Joe Sellman-Leava’s Fanboy is a sensitive yet entertaining look at fandom at VAULT Festival
“I was just a boy, I just liked what I liked wholeheartedly”
The rise of the nerd has been an interesting one to track over the decades. Long an object of derision, the birth of the internet and the explosive success of huge franchises like Marvel have thrust them firmly into the mainstream and that has had a major impact, explored at both the micro- and macro- level in Joe Sellman-Leava’s sensitive yet entertaining one-man-show Fanboy.
From the Nintendo games console still in its box so that the plastic doesn’t change colour to the lightsaber tucked into his dressing gown, it is clear that Joe is fully embracing his nerd nature. But it wasn’t always that way and as he spots an old VHS from his 8th birthday party, harking back to a time when he’d not even been introduced to Star Wars yet, we get to see that journey with perspective.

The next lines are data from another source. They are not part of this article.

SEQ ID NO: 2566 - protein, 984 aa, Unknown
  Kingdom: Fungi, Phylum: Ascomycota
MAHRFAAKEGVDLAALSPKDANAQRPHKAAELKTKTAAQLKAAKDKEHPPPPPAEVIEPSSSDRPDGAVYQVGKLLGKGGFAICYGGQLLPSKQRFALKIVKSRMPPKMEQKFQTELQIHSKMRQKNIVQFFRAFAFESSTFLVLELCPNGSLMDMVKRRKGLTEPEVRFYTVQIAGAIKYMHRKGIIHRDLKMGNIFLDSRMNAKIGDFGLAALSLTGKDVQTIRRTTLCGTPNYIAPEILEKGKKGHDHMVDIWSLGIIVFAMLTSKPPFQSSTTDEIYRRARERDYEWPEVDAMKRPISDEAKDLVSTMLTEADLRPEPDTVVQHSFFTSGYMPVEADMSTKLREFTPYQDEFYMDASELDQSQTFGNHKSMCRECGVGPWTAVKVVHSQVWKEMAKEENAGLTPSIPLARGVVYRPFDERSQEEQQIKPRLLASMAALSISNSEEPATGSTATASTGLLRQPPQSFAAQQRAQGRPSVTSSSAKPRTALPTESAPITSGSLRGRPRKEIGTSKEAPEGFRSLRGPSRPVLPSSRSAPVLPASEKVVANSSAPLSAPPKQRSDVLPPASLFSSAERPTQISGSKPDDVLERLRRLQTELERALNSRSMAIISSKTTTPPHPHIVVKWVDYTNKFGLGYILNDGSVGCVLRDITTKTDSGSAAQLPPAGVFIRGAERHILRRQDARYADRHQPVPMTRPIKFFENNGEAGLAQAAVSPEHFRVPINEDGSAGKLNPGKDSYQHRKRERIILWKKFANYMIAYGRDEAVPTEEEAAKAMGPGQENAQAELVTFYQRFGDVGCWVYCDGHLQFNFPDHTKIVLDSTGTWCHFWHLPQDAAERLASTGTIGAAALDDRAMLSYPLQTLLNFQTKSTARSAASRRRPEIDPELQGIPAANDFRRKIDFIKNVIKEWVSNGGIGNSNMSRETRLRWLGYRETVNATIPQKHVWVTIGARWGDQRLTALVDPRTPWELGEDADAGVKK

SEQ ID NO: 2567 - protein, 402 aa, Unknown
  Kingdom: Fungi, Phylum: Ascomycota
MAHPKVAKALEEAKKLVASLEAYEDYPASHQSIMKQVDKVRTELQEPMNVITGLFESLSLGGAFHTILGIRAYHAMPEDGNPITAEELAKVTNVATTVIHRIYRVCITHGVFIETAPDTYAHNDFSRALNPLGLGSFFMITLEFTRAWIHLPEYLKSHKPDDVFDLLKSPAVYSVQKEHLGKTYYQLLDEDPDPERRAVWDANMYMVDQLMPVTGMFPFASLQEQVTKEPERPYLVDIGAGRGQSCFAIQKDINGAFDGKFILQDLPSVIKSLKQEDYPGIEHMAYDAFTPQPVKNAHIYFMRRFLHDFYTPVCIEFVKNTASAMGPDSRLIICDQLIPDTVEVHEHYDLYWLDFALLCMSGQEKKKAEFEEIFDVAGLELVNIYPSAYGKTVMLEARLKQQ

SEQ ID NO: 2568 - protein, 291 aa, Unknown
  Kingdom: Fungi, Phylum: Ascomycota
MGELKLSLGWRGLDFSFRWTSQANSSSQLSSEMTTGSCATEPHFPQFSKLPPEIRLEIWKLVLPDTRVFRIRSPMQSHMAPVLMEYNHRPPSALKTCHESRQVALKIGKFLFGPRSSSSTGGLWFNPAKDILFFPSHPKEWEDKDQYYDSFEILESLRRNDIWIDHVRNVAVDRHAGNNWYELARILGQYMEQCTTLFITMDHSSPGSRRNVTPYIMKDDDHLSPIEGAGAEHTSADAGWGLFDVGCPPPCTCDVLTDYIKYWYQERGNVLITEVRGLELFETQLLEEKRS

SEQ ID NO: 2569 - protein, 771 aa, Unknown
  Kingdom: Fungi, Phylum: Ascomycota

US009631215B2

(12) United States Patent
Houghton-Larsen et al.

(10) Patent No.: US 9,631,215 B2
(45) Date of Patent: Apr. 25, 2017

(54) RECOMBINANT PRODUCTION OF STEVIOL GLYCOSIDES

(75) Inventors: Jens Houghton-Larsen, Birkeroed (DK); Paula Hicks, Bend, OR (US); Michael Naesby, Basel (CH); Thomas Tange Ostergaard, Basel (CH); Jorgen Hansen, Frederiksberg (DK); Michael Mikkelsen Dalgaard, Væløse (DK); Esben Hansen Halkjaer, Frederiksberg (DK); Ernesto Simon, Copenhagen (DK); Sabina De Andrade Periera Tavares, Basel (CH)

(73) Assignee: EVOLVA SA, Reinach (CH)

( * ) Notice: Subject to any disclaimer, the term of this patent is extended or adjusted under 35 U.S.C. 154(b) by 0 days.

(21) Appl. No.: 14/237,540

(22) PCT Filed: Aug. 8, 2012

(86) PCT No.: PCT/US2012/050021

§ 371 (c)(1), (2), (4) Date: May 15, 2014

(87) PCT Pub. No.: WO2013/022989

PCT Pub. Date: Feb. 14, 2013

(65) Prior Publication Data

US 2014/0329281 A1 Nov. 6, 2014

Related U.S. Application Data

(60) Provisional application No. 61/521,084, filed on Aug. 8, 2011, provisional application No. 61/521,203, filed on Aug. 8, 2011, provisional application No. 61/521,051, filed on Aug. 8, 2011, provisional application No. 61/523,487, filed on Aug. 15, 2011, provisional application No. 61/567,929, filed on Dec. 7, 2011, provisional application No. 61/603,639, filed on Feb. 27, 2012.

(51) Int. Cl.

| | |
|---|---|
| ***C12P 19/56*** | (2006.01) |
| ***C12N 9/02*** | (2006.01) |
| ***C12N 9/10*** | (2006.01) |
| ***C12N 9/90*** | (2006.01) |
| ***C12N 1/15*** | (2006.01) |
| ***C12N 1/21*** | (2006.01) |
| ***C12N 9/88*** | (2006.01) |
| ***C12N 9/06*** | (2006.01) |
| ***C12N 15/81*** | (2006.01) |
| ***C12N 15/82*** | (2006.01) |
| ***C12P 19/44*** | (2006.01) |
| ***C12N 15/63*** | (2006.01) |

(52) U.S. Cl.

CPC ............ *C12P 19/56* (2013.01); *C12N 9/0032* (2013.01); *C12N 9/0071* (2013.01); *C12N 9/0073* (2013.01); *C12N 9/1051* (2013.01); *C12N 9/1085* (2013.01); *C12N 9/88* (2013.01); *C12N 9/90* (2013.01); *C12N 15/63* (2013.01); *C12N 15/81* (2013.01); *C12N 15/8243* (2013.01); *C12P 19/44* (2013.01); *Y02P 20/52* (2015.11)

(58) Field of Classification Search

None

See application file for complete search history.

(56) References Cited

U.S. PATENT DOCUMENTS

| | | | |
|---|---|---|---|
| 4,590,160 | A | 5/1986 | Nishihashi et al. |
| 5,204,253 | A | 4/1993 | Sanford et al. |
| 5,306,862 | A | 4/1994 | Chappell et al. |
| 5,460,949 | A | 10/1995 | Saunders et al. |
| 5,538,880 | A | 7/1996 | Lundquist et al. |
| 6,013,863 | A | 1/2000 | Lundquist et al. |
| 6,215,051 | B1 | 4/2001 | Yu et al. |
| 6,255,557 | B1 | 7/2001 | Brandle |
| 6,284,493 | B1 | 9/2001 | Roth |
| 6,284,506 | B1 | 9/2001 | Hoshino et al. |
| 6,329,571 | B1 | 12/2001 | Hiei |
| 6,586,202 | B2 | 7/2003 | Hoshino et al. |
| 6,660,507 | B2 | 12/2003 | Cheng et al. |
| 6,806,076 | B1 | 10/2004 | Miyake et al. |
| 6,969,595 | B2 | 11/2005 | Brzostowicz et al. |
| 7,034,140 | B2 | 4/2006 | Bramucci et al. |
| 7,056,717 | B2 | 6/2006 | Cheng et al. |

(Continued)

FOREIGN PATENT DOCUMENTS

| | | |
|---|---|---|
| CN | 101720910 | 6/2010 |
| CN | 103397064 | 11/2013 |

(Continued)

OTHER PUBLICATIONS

There’s real joy in finding something you love, and sharing it with others who love it too, and Sellman-Leava conveys that beautifully, through the connection it built with favourite uncles and close friends. But it can easily toxify into something obsessive too and in the latter case particularly, there’s a powerful evocation of just how twisted and dark those thoughts can become, shaping both personal relationships and links with the outside world, even as it all turns to shit (the Brexit as melted ice-cream analogy is genius!).
Director Yaz Al-Shaater plays effectively with light and shade of Fanboy, Dylan Howells’ technical design allowing for unexpected but brilliant intergenerational interplay. And Sellman-Leava’s gift for impressive impressions allows for real humour to break through at key moments, alongside his enduring love for The Muppet’s Christmas Carol. (#justiceforWhenLoveIsGone)